Of the 334,000 students registered to take the SAT on Sept. 26, 183,000 will not be able to take the test. And of the 363,000 registered to take the SAT or the SAT Subject Tests on Oct. 3, 154,000 will be unable to do so.
The students were told that they couldn't take the test because testing centers -- most of them in high schools -- were closed because of the coronavirus pandemic or had imposed new limits on students. The College Board, which run the exams, released information about the center closures and limited space Tuesday. Most students had already been notified but would not have known how many students were turned away.
Of test centers initially scheduled to administer the tests, 61 percent are open for September and 65 percent are currently open for October, though some have reduced capacity.
The closures and limited space issues follow similar problems that occurred during the August SAT, when 402,000 students were registered to take the exam or SAT Subject Tests, but 178,600 were unable to do so because so many testing centers had closed due to the coronavirus pandemic.
“We’re grateful to educators across the country who were able to provide opportunities for nearly 150,000 students to test safely during the August test administration. We know this is a challenging time for students who want to take the SAT,” said a statement from Priscilla Rodriguez, the College Board vice president of college readiness assessments. “We will continue to work together with educators to provide testing opportunities to students throughout the rest of the fall and academic year.”
All College Board testing centers are required to follow local public health guidelines as well as College Board health-related policies. At all weekend test centers, students and staff must wear a mask or protective face covering throughout the SAT administration, and students must be seated at least six feet apart during testing. Additionally, students must confirm a series of health and safety statements (including that they don’t have symptoms of COVID-19 and are not violating any travel or quarantine requirements) before entering the test center or testing room.
Students whose tests are canceled receive a refund and the right to register for a future test.
The College Board has asked colleges to extend deadlines for receiving test scores and to equally consider students for admission who are unable to take the test due to COVID-19. Colleges understand that testing opportunities are limited this year, and most are not requiring a test score for the upcoming admissions cycle.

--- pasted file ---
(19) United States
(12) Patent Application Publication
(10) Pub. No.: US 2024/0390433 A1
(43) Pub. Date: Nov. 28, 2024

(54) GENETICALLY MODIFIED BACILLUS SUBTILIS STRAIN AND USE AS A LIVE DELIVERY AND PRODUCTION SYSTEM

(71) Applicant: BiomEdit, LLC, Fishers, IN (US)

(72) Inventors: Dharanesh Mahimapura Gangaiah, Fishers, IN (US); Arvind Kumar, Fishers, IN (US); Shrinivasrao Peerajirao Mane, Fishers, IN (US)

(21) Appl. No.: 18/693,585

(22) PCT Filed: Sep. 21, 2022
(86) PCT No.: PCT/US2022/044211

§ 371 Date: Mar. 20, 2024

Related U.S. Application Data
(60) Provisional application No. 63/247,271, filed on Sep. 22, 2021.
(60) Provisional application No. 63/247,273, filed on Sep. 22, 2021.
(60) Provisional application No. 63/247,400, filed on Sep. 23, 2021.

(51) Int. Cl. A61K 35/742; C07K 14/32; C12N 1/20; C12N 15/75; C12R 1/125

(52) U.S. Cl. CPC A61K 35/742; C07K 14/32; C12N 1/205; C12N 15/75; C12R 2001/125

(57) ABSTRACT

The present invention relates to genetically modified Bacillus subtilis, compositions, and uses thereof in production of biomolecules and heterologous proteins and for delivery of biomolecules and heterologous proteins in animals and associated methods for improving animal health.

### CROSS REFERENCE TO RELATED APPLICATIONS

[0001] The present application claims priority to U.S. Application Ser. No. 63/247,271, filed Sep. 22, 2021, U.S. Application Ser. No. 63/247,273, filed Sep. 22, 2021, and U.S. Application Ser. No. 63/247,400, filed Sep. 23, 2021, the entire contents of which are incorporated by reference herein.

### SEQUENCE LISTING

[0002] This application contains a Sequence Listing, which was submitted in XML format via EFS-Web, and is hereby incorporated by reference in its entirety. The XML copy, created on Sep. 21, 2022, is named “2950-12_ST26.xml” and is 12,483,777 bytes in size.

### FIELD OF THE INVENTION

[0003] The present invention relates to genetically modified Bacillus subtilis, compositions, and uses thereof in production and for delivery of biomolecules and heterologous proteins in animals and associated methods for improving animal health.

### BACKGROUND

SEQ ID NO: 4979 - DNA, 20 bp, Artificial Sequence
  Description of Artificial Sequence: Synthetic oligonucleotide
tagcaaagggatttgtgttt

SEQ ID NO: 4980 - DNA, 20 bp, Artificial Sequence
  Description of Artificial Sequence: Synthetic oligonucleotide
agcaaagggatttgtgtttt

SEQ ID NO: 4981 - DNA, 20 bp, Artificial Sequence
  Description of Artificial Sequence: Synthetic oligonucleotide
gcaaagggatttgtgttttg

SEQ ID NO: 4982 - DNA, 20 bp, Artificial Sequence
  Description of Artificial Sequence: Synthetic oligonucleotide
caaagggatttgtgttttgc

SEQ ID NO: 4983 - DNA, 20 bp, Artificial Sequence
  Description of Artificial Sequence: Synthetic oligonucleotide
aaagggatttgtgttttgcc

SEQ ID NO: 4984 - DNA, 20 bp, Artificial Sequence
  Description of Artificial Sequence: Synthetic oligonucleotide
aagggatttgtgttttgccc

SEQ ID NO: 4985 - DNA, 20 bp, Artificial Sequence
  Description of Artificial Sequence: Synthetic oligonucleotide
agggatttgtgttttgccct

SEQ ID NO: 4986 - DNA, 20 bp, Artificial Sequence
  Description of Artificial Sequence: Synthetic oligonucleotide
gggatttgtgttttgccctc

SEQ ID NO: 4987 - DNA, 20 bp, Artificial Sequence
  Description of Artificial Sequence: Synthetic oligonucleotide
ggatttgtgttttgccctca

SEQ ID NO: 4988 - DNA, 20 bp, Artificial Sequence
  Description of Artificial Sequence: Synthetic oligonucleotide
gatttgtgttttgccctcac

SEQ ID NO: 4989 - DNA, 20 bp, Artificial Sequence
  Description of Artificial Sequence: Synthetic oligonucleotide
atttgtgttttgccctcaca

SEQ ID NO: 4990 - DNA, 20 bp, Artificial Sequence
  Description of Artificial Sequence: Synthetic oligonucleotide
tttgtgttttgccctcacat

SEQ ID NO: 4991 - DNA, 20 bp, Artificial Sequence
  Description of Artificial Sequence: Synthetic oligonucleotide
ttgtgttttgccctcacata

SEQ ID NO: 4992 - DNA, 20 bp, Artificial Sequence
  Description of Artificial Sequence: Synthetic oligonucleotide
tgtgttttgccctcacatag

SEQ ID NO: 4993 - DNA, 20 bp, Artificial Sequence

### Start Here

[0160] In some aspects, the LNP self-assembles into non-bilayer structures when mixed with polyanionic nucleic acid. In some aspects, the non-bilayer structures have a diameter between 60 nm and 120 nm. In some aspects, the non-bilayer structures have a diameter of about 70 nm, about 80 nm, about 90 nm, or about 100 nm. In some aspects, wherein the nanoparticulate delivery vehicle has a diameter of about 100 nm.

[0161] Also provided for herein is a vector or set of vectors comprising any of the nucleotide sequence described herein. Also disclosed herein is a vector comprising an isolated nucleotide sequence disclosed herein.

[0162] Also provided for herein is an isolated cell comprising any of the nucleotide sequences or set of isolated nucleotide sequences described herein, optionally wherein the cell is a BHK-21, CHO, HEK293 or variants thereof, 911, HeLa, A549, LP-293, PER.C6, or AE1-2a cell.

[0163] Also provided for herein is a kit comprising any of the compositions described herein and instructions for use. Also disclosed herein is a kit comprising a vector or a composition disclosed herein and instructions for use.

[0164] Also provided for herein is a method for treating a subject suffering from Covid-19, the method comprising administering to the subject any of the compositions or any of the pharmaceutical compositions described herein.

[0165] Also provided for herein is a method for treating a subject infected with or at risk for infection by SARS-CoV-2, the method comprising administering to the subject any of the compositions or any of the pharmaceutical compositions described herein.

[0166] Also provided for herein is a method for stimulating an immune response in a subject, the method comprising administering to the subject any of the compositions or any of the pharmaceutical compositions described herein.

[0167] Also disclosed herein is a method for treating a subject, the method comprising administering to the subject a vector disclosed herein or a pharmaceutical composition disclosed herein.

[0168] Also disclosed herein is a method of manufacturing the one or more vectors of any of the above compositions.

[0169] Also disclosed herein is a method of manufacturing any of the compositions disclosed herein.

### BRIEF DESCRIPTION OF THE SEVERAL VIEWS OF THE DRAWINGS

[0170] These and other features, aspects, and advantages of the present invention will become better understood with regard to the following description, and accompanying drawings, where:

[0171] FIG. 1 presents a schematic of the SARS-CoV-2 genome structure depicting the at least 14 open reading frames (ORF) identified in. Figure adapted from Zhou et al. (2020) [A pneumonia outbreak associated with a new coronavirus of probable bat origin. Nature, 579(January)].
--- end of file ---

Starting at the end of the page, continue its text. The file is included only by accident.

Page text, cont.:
ACT testing has also been hit by the coronavirus. The ACT does not release the numbers of students who are unable to take the test, but there were many complaints about testing centers closing at the last minute before the September ACT.
While it is true that most colleges are abandoning -- at least for this year -- SAT/ACT requirements for students, demand to take the tests is still high. Many students assume (despite what many colleges say) that their chances for admission will be reduced if they don't take the exams.
Robert Schaeffer, interim executive director of FairTest: The National Center for Fair and Open Testing, and a long-standing critic of standardized testing, said via email, "Plaudits to the College Board for, at least, an attempt at transparency in providing interim data on the number of tests cancelled -- ACT should follow suit so admissions offices and other stakeholders clearly understand the difficulties prospective applicants face."
Schaeffer added, "The numbers mean that the College Board is aware that more than half (55 percent) of test registrations have been cancelled for this coming Saturday with 42 percent already scratched for October 3. Both percentages will increase in the coming days as more closed schools notify the College Board, and, based on the recent pattern of frustrating experiences, some would-be test-takers will likely find their centers shuttered when they arrive to sit for the exams."